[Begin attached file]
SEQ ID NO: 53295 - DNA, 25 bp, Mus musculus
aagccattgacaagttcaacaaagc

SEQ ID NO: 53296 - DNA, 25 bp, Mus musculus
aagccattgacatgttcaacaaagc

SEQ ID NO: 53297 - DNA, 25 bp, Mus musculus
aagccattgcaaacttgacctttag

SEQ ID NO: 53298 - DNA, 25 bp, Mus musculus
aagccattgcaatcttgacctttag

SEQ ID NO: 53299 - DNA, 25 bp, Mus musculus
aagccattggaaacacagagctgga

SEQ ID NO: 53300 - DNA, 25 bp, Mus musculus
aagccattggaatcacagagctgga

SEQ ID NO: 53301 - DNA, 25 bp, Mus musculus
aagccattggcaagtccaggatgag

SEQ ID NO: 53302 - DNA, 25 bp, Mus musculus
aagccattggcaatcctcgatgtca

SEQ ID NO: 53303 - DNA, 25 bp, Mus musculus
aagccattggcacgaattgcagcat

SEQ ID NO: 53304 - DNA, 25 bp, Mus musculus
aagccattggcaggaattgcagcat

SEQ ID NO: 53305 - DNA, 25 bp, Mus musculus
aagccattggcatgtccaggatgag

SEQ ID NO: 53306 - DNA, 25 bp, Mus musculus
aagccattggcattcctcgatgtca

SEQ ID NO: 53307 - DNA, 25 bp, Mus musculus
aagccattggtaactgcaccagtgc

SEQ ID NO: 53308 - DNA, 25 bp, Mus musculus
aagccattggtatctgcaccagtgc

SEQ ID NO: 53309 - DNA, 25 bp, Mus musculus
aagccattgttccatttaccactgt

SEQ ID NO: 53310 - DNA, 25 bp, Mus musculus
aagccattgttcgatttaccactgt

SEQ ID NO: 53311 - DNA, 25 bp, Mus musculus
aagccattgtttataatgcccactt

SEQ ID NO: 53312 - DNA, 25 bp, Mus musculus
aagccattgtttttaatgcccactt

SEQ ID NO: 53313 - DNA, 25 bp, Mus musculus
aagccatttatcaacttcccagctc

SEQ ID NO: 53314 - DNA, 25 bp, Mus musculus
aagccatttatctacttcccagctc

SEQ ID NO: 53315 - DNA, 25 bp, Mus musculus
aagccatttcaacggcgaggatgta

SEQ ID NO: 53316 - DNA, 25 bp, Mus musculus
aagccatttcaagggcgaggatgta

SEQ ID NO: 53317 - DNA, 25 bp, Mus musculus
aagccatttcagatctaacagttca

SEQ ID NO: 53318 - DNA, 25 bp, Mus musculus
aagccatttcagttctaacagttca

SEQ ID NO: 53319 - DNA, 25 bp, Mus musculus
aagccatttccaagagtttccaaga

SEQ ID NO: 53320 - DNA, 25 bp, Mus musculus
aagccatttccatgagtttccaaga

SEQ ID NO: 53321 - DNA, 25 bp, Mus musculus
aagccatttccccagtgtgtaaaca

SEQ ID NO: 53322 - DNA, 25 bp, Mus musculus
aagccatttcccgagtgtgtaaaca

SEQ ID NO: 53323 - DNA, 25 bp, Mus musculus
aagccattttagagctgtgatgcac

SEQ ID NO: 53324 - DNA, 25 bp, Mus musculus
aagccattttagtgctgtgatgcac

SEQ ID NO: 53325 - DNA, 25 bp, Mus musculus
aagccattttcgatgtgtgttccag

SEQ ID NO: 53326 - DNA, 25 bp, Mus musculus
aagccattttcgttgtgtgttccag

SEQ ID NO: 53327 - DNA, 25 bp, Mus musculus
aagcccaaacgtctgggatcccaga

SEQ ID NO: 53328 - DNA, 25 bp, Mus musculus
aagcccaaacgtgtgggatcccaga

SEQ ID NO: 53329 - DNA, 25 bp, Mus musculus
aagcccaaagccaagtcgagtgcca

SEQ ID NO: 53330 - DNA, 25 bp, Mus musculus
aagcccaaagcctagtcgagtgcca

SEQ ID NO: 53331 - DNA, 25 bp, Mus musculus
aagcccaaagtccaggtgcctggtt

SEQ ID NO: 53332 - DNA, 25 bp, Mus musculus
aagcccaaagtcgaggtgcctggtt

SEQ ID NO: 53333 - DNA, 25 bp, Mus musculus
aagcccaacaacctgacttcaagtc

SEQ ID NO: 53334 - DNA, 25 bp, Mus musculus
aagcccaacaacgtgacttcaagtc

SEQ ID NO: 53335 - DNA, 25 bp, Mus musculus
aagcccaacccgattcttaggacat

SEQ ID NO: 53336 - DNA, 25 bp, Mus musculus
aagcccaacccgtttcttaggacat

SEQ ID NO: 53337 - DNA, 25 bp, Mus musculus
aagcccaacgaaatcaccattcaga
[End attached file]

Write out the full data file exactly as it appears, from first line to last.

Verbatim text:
SEQ ID NO: 53295 - DNA, 25 bp, Mus musculus
aagccattgacaagttcaacaaagc

SEQ ID NO: 53296 - DNA, 25 bp, Mus musculus
aagccattgacatgttcaacaaagc

SEQ ID NO: 53297 - DNA, 25 bp, Mus musculus
aagccattgcaaacttgacctttag

SEQ ID NO: 53298 - DNA, 25 bp, Mus musculus
aagccattgcaatcttgacctttag

SEQ ID NO: 53299 - DNA, 25 bp, Mus musculus
aagccattggaaacacagagctgga

SEQ ID NO: 53300 - DNA, 25 bp, Mus musculus
aagccattggaatcacagagctgga

SEQ ID NO: 53301 - DNA, 25 bp, Mus musculus
aagccattggcaagtccaggatgag

SEQ ID NO: 53302 - DNA, 25 bp, Mus musculus
aagccattggcaatcctcgatgtca

SEQ ID NO: 53303 - DNA, 25 bp, Mus musculus
aagccattggcacgaattgcagcat

SEQ ID NO: 53304 - DNA, 25 bp, Mus musculus
aagccattggcaggaattgcagcat

SEQ ID NO: 53305 - DNA, 25 bp, Mus musculus
aagccattggcatgtccaggatgag

SEQ ID NO: 53306 - DNA, 25 bp, Mus musculus
aagccattggcattcctcgatgtca

SEQ ID NO: 53307 - DNA, 25 bp, Mus musculus
aagccattggtaactgcaccagtgc

SEQ ID NO: 53308 - DNA, 25 bp, Mus musculus
aagccattggtatctgcaccagtgc

SEQ ID NO: 53309 - DNA, 25 bp, Mus musculus
aagccattgttccatttaccactgt

SEQ ID NO: 53310 - DNA, 25 bp, Mus musculus
aagccattgttcgatttaccactgt

SEQ ID NO: 53311 - DNA, 25 bp, Mus musculus
aagccattgtttataatgcccactt

SEQ ID NO: 53312 - DNA, 25 bp, Mus musculus
aagccattgtttttaatgcccactt

SEQ ID NO: 53313 - DNA, 25 bp, Mus musculus
aagccatttatcaacttcccagctc

SEQ ID NO: 53314 - DNA, 25 bp, Mus musculus
aagccatttatctacttcccagctc

SEQ ID NO: 53315 - DNA, 25 bp, Mus musculus
aagccatttcaacggcgaggatgta

SEQ ID NO: 53316 - DNA, 25 bp, Mus musculus
aagccatttcaagggcgaggatgta

SEQ ID NO: 53317 - DNA, 25 bp, Mus musculus
aagccatttcagatctaacagttca

SEQ ID NO: 53318 - DNA, 25 bp, Mus musculus
aagccatttcagttctaacagttca

SEQ ID NO: 53319 - DNA, 25 bp, Mus musculus
aagccatttccaagagtttccaaga

SEQ ID NO: 53320 - DNA, 25 bp, Mus musculus
aagccatttccatgagtttccaaga

SEQ ID NO: 53321 - DNA, 25 bp, Mus musculus
aagccatttccccagtgtgtaaaca

SEQ ID NO: 53322 - DNA, 25 bp, Mus musculus
aagccatttcccgagtgtgtaaaca

SEQ ID NO: 53323 - DNA, 25 bp, Mus musculus
aagccattttagagctgtgatgcac

SEQ ID NO: 53324 - DNA, 25 bp, Mus musculus
aagccattttagtgctgtgatgcac

SEQ ID NO: 53325 - DNA, 25 bp, Mus musculus
aagccattttcgatgtgtgttccag

SEQ ID NO: 53326 - DNA, 25 bp, Mus musculus
aagccattttcgttgtgtgttccag

SEQ ID NO: 53327 - DNA, 25 bp, Mus musculus
aagcccaaacgtctgggatcccaga

SEQ ID NO: 53328 - DNA, 25 bp, Mus musculus
aagcccaaacgtgtgggatcccaga

SEQ ID NO: 53329 - DNA, 25 bp, Mus musculus
aagcccaaagccaagtcgagtgcca

SEQ ID NO: 53330 - DNA, 25 bp, Mus musculus
aagcccaaagcctagtcgagtgcca

SEQ ID NO: 53331 - DNA, 25 bp, Mus musculus
aagcccaaagtccaggtgcctggtt

SEQ ID NO: 53332 - DNA, 25 bp, Mus musculus
aagcccaaagtcgaggtgcctggtt

SEQ ID NO: 53333 - DNA, 25 bp, Mus musculus
aagcccaacaacctgacttcaagtc

SEQ ID NO: 53334 - DNA, 25 bp, Mus musculus
aagcccaacaacgtgacttcaagtc

SEQ ID NO: 53335 - DNA, 25 bp, Mus musculus
aagcccaacccgattcttaggacat

SEQ ID NO: 53336 - DNA, 25 bp, Mus musculus
aagcccaacccgtttcttaggacat

SEQ ID NO: 53337 - DNA, 25 bp, Mus musculus
aagcccaacgaaatcaccattcaga